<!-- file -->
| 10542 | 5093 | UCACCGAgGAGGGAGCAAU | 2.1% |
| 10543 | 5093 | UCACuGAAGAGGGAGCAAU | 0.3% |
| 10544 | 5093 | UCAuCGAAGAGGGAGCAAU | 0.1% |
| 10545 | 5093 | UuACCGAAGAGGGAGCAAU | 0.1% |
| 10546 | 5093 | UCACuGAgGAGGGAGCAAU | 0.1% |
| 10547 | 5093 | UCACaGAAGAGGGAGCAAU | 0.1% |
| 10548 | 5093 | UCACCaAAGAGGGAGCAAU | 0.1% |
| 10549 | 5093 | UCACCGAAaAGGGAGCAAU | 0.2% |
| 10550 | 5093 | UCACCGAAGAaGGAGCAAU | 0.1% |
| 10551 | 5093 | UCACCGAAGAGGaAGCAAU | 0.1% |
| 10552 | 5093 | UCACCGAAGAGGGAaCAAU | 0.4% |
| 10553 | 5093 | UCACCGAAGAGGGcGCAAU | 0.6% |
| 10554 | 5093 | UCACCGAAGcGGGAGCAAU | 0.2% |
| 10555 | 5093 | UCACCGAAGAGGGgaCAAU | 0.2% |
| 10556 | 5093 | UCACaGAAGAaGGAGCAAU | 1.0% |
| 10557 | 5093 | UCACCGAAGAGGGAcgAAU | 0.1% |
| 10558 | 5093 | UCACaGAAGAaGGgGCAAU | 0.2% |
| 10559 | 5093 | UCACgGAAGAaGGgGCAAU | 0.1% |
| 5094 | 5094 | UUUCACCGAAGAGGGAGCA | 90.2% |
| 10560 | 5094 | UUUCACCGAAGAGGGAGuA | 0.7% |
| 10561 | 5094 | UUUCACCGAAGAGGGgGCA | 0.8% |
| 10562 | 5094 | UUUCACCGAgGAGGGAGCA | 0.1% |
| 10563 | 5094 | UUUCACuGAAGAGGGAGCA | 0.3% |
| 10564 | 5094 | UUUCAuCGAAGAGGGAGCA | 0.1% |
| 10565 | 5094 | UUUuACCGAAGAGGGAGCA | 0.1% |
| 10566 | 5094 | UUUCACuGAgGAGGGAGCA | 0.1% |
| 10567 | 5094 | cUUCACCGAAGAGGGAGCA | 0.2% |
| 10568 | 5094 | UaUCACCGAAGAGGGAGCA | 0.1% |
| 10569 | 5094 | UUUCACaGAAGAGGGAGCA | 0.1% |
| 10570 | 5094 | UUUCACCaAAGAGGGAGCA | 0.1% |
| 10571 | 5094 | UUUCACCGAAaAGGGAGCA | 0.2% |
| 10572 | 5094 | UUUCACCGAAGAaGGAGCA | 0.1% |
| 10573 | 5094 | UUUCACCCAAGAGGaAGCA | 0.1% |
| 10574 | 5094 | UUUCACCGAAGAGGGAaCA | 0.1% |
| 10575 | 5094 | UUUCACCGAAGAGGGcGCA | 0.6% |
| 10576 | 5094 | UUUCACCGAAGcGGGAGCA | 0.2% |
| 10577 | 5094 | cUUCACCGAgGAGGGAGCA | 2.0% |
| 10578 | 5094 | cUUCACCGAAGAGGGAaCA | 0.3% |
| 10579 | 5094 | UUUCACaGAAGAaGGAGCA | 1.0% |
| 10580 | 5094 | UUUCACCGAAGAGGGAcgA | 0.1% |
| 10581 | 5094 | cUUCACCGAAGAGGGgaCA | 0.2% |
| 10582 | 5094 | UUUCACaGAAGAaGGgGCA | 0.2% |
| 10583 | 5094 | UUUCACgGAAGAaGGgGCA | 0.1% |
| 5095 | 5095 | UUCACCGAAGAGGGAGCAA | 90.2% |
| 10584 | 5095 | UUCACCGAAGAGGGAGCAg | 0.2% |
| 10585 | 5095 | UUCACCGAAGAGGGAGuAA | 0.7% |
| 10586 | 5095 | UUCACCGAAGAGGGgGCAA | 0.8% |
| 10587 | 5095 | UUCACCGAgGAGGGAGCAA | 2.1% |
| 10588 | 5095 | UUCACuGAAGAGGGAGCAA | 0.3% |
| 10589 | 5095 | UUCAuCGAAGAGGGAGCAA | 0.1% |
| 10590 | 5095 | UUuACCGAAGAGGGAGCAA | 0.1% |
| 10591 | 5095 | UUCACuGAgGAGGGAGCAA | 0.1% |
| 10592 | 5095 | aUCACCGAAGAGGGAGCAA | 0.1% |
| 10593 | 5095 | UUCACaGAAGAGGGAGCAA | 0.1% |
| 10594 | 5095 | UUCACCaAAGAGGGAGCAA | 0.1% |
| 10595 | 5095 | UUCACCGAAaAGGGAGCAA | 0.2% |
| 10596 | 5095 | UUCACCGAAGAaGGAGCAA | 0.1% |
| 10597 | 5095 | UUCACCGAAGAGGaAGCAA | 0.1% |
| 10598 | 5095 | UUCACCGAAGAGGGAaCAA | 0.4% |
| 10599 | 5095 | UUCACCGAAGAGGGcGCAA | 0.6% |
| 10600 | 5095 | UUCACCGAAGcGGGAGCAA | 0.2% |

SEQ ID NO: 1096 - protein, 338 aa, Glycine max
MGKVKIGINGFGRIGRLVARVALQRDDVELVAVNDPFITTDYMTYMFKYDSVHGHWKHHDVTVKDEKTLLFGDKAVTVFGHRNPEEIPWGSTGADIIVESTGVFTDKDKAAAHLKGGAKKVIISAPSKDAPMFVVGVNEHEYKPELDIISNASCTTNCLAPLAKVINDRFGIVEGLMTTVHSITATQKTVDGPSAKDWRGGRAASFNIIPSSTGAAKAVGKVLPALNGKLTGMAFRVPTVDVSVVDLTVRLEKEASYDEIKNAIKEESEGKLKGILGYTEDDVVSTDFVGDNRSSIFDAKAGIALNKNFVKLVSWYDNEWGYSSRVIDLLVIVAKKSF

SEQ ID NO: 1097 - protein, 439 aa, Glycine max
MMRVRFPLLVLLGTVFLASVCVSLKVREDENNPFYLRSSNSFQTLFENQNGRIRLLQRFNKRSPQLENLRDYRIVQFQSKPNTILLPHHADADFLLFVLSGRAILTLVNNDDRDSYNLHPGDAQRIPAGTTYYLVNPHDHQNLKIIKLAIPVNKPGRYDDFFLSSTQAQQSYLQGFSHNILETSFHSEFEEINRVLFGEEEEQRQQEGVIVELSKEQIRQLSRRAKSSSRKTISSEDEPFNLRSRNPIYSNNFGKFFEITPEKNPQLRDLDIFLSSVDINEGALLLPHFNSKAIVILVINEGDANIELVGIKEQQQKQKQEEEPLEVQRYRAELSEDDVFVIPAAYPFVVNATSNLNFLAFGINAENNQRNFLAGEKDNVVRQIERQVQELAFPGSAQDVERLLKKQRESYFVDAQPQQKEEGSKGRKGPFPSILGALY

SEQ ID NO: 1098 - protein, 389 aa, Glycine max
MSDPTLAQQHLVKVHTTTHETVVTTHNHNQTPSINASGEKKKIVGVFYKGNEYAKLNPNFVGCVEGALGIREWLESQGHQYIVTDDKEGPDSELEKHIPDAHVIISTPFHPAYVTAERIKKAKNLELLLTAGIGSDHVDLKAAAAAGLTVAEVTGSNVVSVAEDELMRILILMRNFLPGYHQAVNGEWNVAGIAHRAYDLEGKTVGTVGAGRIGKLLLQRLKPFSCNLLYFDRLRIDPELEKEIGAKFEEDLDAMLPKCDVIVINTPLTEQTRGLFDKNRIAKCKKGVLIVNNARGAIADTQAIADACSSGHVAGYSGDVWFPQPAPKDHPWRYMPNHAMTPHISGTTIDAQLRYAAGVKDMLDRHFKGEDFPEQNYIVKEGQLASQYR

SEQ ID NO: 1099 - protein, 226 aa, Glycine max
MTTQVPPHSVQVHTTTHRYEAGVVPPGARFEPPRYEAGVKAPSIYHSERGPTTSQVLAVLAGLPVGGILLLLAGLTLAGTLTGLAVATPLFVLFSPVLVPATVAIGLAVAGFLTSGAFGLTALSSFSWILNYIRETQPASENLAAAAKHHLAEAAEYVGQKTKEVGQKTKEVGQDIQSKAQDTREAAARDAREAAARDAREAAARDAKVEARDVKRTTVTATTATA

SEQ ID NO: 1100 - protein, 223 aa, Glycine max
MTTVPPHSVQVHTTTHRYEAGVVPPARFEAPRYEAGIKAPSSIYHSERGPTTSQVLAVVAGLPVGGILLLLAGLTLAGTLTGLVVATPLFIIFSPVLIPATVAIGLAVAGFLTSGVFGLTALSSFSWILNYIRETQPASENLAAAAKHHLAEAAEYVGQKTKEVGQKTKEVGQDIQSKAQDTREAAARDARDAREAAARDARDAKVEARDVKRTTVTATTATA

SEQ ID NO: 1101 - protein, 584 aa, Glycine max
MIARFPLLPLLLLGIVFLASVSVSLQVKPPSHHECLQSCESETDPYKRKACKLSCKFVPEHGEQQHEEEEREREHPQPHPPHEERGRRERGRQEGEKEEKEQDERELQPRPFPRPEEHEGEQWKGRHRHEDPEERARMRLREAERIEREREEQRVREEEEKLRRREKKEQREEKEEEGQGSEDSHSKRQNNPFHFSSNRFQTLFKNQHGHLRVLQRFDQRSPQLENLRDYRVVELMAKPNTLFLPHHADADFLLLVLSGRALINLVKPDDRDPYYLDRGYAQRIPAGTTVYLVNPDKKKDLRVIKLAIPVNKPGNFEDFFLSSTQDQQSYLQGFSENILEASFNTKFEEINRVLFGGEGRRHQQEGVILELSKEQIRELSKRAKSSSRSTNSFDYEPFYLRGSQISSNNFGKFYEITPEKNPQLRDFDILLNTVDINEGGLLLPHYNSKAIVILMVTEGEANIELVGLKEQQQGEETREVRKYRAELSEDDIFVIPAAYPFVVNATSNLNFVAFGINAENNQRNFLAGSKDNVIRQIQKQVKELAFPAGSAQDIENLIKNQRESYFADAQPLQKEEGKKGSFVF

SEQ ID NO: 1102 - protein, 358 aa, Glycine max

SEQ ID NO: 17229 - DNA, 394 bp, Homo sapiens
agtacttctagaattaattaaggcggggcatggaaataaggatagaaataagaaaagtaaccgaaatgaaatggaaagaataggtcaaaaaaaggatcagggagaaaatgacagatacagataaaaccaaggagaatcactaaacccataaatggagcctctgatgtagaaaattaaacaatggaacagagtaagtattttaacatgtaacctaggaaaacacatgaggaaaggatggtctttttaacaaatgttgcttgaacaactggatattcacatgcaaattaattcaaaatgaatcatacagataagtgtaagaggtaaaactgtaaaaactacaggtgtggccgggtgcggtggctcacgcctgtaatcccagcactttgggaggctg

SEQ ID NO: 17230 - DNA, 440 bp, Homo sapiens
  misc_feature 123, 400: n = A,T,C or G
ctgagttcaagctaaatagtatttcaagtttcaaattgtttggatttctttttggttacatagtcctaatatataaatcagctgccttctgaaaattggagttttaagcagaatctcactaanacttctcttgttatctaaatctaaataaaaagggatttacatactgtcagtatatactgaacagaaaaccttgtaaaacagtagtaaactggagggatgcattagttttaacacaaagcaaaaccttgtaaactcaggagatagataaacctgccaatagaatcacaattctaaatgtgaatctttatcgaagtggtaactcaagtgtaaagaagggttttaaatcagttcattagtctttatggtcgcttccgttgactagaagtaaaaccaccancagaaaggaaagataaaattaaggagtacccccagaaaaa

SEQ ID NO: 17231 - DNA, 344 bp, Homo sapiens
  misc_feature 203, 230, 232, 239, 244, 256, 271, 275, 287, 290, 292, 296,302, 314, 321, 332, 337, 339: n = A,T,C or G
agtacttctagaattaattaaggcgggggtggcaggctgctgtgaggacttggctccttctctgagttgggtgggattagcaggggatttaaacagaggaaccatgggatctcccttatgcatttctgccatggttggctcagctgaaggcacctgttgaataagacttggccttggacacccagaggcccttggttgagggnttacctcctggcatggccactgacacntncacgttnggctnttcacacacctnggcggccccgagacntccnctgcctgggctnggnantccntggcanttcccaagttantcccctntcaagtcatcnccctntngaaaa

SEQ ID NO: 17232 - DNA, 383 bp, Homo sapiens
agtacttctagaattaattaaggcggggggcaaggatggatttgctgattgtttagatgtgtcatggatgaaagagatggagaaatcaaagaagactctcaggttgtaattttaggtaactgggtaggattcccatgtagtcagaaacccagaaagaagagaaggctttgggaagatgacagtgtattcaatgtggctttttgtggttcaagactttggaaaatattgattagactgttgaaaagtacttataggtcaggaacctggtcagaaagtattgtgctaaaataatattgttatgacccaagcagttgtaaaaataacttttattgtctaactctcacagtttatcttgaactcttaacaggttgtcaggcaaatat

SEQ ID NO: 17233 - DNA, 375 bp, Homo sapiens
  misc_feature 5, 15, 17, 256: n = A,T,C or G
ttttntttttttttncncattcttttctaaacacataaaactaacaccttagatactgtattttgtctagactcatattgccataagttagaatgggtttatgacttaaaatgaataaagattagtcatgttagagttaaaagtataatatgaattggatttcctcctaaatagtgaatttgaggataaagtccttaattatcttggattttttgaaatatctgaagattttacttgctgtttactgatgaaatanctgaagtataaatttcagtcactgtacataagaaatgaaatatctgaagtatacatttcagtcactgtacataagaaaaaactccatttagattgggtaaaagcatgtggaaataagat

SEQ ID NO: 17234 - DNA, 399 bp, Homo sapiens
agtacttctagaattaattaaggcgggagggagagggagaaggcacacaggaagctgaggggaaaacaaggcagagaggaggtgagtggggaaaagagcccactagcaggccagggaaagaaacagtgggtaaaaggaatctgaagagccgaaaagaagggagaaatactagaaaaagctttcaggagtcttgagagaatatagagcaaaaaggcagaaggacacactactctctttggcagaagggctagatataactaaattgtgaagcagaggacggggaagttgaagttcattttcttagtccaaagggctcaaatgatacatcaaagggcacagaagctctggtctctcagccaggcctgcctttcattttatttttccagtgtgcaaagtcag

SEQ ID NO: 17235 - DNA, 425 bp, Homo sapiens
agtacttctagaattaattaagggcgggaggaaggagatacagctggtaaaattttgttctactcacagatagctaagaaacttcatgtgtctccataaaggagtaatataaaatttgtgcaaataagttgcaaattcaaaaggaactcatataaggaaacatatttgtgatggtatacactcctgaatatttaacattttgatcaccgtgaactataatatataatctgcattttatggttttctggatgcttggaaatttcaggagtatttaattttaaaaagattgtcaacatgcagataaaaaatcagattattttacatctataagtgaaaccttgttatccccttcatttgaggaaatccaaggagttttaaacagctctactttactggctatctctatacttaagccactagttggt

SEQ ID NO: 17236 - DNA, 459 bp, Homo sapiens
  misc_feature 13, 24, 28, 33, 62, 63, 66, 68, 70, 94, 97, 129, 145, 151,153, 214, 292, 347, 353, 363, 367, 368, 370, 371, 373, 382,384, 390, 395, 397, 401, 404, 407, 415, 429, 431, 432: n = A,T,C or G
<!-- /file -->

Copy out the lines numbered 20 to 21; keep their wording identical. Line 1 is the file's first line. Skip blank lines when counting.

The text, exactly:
| 10560 | 5094 | UUUCACCGAAGAGGGAGuA | 0.7% |
| 10561 | 5094 | UUUCACCGAAGAGGGgGCA | 0.8% |